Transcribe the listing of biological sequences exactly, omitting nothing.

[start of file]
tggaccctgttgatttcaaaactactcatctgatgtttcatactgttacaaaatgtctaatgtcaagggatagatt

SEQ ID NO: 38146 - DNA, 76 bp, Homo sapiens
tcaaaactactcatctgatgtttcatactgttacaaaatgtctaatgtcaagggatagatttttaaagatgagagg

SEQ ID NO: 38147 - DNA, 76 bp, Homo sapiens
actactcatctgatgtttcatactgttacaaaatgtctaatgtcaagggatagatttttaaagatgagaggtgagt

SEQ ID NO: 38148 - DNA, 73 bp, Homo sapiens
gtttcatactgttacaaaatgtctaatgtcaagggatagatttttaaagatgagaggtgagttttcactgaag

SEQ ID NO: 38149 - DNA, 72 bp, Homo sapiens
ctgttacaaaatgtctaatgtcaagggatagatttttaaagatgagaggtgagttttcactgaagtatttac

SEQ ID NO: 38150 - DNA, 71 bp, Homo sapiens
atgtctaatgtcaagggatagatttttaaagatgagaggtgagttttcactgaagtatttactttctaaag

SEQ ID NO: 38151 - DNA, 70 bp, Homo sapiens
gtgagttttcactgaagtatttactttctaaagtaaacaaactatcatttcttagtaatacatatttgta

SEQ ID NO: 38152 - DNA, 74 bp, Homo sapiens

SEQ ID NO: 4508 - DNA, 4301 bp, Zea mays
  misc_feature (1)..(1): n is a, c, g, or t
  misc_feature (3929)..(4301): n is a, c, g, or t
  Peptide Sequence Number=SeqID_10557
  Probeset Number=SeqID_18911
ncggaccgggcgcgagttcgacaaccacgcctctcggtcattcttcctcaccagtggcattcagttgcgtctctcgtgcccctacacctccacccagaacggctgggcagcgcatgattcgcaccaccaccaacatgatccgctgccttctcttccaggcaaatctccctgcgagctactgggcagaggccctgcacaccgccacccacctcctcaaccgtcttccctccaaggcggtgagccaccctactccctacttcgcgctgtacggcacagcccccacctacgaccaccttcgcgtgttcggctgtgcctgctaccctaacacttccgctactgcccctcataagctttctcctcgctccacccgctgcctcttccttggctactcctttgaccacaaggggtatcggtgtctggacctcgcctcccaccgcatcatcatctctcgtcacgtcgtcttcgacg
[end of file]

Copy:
tggaccctgttgatttcaaaactactcatctgatgtttcatactgttacaaaatgtctaatgtcaagggatagatt

SEQ ID NO: 38146 - DNA, 76 bp, Homo sapiens
tcaaaactactcatctgatgtttcatactgttacaaaatgtctaatgtcaagggatagatttttaaagatgagagg

SEQ ID NO: 38147 - DNA, 76 bp, Homo sapiens
actactcatctgatgtttcatactgttacaaaatgtctaatgtcaagggatagatttttaaagatgagaggtgagt

SEQ ID NO: 38148 - DNA, 73 bp, Homo sapiens
gtttcatactgttacaaaatgtctaatgtcaagggatagatttttaaagatgagaggtgagttttcactgaag

SEQ ID NO: 38149 - DNA, 72 bp, Homo sapiens
ctgttacaaaatgtctaatgtcaagggatagatttttaaagatgagaggtgagttttcactgaagtatttac

SEQ ID NO: 38150 - DNA, 71 bp, Homo sapiens
atgtctaatgtcaagggatagatttttaaagatgagaggtgagttttcactgaagtatttactttctaaag

SEQ ID NO: 38151 - DNA, 70 bp, Homo sapiens
gtgagttttcactgaagtatttactttctaaagtaaacaaactatcatttcttagtaatacatatttgta

SEQ ID NO: 38152 - DNA, 74 bp, Homo sapiens

SEQ ID NO: 4508 - DNA, 4301 bp, Zea mays
  misc_feature (1)..(1): n is a, c, g, or t
  misc_feature (3929)..(4301): n is a, c, g, or t
  Peptide Sequence Number=SeqID_10557
  Probeset Number=SeqID_18911
ncggaccgggcgcgagttcgacaaccacgcctctcggtcattcttcctcaccagtggcattcagttgcgtctctcgtgcccctacacctccacccagaacggctgggcagcgcatgattcgcaccaccaccaacatgatccgctgccttctcttccaggcaaatctccctgcgagctactgggcagaggccctgcacaccgccacccacctcctcaaccgtcttccctccaaggcggtgagccaccctactccctacttcgcgctgtacggcacagcccccacctacgaccaccttcgcgtgttcggctgtgcctgctaccctaacacttccgctactgcccctcataagctttctcctcgctccacccgctgcctcttccttggctactcctttgaccacaaggggtatcggtgtctggacctcgcctcccaccgcatcatcatctctcgtcacgtcgtcttcgacg